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See detailEmotions et rationalité en philosophie morale : Heidegger?
Pieron, Julien ULg

Scientific conference (2007, April 19)

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See detailEmotions, Stress and their regulations. Application for the business and professional surrounding
Desseilles, Martin ULg

Scientific conference (2013, February 28)

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See detailEmousser le regard, éprouver le propre de l'art. Considérations muséologiques
Hagelstein, Maud ULg

Article for general public (2014)

À Paris, l’été n’aura pas laissé en reste les amateurs d’expositions non conventionnelles. L’inventivité de certains commissaires – au sens large de la fonction, qui englobe l’artiste comme le ... [more ▼]

À Paris, l’été n’aura pas laissé en reste les amateurs d’expositions non conventionnelles. L’inventivité de certains commissaires – au sens large de la fonction, qui englobe l’artiste comme le collectionneur – semblait d’ailleurs forcer le spectateur à ré-envisager ses attentes. Que cherche-t-on lorsque l’on visite un lieu culturel ? Quels savoirs sont mobilisés, quels autres affectés par la rencontre ? Quelles impressions s’impriment durablement ? Ce type de questionnement est généralement laissé à la recherche en muséologie, qui a pour vocation méta-disciplinaire de réfléchir aux conditions d’exposition observées dans le champ muséal. Mais il arrive que le spectateur se sente lui-même partie prenante du processus critique et qu’il soit directement invité à interroger de l’intérieur les modalités de sa rencontre avec l’art. [less ▲]

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See detailL'empathie et la perception des formes dans l'éthologie contemporaine
Servais, Véronique ULg

in Berthoz, Alain; Jorland, Gerard (Eds.) L'empathie (2004)

The paper states that purely objective descriptions of animal behaviour is impossible. The behavioursit approach of animal behaviour, because it denies an amotional life to the animals, reinfoce ... [more ▼]

The paper states that purely objective descriptions of animal behaviour is impossible. The behavioursit approach of animal behaviour, because it denies an amotional life to the animals, reinfoce anthropomorphism instead of suppressing it. Empathy is seen as a less anthropomorphic stance. [less ▲]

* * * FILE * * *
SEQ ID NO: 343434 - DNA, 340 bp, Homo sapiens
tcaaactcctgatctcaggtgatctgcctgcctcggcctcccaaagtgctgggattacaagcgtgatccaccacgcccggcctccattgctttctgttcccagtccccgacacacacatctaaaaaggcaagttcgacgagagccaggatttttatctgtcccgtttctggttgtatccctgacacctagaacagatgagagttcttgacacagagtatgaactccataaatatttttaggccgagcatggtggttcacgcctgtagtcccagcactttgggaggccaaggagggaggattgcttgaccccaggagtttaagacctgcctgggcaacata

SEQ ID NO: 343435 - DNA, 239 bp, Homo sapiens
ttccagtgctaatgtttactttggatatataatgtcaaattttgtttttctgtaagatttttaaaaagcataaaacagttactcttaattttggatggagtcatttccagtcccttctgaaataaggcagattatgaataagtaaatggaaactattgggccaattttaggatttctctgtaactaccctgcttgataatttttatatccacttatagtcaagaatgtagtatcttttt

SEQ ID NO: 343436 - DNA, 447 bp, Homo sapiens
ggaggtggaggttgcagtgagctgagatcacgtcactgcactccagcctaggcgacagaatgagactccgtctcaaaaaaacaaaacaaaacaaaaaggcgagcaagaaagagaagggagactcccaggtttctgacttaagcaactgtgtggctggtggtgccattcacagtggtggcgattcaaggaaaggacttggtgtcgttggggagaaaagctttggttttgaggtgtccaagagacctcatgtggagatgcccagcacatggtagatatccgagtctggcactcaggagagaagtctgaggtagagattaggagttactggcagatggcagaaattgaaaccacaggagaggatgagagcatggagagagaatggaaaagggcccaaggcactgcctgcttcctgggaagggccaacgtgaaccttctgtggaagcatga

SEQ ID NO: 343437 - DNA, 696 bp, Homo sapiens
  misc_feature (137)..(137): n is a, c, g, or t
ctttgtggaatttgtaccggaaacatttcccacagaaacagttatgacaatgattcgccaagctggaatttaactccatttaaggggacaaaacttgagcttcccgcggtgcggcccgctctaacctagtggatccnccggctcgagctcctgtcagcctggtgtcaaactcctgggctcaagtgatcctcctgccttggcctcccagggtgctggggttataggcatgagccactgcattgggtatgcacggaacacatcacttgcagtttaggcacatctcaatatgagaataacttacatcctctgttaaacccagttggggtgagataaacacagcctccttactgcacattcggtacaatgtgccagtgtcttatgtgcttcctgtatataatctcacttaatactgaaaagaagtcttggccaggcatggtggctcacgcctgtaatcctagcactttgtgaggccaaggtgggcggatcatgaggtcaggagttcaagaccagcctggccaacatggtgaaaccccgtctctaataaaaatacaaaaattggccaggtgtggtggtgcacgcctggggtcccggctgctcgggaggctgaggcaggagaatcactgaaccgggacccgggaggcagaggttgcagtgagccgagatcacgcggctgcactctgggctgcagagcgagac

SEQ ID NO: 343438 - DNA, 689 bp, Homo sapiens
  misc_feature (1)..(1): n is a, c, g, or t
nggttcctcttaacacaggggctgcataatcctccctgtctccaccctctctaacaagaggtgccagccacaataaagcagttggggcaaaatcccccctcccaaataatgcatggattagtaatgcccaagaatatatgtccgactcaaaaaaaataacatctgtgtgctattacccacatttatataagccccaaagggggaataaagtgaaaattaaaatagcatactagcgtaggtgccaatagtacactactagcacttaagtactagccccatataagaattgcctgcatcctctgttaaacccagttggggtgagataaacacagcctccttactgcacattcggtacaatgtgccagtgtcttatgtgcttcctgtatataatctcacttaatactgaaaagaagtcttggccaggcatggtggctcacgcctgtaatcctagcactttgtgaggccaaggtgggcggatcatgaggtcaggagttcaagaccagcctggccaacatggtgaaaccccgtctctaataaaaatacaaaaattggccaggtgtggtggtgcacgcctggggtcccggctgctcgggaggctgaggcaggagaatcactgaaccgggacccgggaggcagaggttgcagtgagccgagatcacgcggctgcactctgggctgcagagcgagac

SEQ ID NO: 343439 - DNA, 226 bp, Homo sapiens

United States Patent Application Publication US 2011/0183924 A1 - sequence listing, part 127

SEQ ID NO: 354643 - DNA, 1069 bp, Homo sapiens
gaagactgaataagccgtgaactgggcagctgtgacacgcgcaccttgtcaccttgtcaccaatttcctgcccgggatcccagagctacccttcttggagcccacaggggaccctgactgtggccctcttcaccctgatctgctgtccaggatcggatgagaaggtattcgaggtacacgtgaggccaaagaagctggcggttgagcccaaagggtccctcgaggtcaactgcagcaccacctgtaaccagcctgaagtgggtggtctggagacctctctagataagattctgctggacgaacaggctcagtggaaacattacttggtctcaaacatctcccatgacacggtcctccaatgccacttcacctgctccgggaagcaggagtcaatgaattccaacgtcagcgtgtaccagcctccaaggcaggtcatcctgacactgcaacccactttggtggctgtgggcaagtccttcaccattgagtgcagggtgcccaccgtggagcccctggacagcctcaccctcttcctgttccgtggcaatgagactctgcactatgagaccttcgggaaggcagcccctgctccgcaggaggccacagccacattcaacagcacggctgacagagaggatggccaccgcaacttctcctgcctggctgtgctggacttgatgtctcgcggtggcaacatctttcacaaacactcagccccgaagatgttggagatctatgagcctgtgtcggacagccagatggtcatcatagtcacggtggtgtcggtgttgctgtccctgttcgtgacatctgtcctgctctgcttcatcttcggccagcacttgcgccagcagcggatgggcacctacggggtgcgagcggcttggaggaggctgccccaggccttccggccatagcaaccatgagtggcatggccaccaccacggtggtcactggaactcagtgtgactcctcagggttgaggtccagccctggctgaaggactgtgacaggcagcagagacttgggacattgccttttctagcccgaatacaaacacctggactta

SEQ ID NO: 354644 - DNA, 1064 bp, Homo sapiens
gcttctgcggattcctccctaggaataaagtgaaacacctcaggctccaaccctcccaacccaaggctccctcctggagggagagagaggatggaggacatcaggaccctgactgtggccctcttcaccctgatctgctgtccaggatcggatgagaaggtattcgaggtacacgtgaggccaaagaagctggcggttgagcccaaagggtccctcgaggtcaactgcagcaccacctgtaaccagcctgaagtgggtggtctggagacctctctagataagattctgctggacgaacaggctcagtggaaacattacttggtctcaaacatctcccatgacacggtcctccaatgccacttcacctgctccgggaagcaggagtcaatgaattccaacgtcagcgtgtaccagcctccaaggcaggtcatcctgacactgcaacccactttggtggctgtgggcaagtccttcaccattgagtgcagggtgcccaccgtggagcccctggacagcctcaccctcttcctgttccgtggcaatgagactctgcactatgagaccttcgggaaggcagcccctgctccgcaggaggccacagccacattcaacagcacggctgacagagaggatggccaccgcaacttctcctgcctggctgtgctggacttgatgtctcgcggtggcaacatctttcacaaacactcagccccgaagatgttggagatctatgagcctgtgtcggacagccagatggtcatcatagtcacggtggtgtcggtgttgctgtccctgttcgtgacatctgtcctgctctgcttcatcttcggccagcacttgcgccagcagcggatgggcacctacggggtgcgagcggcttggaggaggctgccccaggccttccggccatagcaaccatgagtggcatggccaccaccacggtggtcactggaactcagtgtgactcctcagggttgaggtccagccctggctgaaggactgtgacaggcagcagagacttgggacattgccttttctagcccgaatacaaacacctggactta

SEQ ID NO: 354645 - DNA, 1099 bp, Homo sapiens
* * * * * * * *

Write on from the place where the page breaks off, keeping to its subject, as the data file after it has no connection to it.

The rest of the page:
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See detailEmpathie et Trouble Oppositionnel chez l'enfant de 8 à 12 ans
Dahmen, Caroline; Malpas, Anne; Etienne, Anne-Marie ULg et al

in Revue Francophone de Clinique Comportementale et Cognitive (2004), IX(1), 3-11

A literature review underlines strong links between facial expression recognition difficulty, lack of empathy and behaviour disorder. The main goal of this study was to assess if, as it is suggested in ... [more ▼]

A literature review underlines strong links between facial expression recognition difficulty, lack of empathy and behaviour disorder. The main goal of this study was to assess if, as it is suggested in the literature, oppositional children presented an empathy deficit that can make them more aggressive. Forty children between 8 and 10 years old (15 control children and 15 oppositional children) were subjected to the “Empathy Response Task” from Ricard et Kamberk-Kilicci (1995). As expected, results show that oppositional children are significantly less empathic that control children. Anger is often assigned to protagonists even when it isn’t present. This can be interpreted by the “hostile attribution distortion” according to wich the children with behaviour disorders tend to allocate hostile intentions to others (Milich & Dodge, 1984). Working on empathy must be integrated in behaviour disorder children therapy. [less ▲]

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See detailEmpathizing with the disembodied
Delville, Michel ULg; Norris, Andrew

Conference (2012, June 15)

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See detailEmpathy and social relationships in suicidal adolescents
Jadin, Aurore ULg; Vermaelen, Noémie; Blavier, Adelaïde ULg

Poster (2014, May 27)

Empathy and suicide among minor people are two research topics currently very explored. Psychologists often speak about suicide because it represents the second cause of mortality among 15-24-year-old ... [more ▼]

Empathy and suicide among minor people are two research topics currently very explored. Psychologists often speak about suicide because it represents the second cause of mortality among 15-24-year-old adolescents (Delvenne, 2005). Several studies have already analyzed the links between empathy skills and some psychopathology (behavioral disorders, hyperactivity and alcoholism) but no research before this one has developed empathic abilities in suicidal adolescents. The aims of the present study were respectively to examine suicidal adolescents’ empathy skills, interpersonal capacities and to investigate the quality of their social relationships. [less ▲]

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See detailEmpathy for pain and Alexithymia : a rTMS study
Lemaire, Morgan ULg

Poster (2012, December 12)

Empathy is a multi-facet function regulating social life. In this study, we investigated empathy in relation to alexithymia. Alexithymia is considered as a state showing difficulties in identification and ... [more ▼]